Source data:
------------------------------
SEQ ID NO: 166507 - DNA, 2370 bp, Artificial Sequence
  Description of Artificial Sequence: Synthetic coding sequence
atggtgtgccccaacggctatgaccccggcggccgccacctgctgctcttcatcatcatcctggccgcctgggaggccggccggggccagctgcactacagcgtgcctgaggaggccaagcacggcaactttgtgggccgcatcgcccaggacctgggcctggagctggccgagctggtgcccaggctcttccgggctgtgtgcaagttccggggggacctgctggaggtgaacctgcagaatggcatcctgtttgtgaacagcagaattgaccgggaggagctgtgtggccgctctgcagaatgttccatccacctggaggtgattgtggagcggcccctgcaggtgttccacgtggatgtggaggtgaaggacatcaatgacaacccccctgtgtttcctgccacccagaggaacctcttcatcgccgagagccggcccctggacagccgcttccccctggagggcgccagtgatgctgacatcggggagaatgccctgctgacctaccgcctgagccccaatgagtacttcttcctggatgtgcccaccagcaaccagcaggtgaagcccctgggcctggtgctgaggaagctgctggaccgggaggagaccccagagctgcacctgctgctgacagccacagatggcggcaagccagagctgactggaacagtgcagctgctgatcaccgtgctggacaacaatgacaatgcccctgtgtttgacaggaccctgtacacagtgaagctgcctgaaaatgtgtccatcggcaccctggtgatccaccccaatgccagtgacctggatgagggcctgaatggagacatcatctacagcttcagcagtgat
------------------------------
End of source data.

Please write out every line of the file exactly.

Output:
SEQ ID NO: 166507 - DNA, 2370 bp, Artificial Sequence
  Description of Artificial Sequence: Synthetic coding sequence
atggtgtgccccaacggctatgaccccggcggccgccacctgctgctcttcatcatcatcctggccgcctgggaggccggccggggccagctgcactacagcgtgcctgaggaggccaagcacggcaactttgtgggccgcatcgcccaggacctgggcctggagctggccgagctggtgcccaggctcttccgggctgtgtgcaagttccggggggacctgctggaggtgaacctgcagaatggcatcctgtttgtgaacagcagaattgaccgggaggagctgtgtggccgctctgcagaatgttccatccacctggaggtgattgtggagcggcccctgcaggtgttccacgtggatgtggaggtgaaggacatcaatgacaacccccctgtgtttcctgccacccagaggaacctcttcatcgccgagagccggcccctggacagccgcttccccctggagggcgccagtgatgctgacatcggggagaatgccctgctgacctaccgcctgagccccaatgagtacttcttcctggatgtgcccaccagcaaccagcaggtgaagcccctgggcctggtgctgaggaagctgctggaccgggaggagaccccagagctgcacctgctgctgacagccacagatggcggcaagccagagctgactggaacagtgcagctgctgatcaccgtgctggacaacaatgacaatgcccctgtgtttgacaggaccctgtacacagtgaagctgcctgaaaatgtgtccatcggcaccctggtgatccaccccaatgccagtgacctggatgagggcctgaatggagacatcatctacagcttcagcagtgat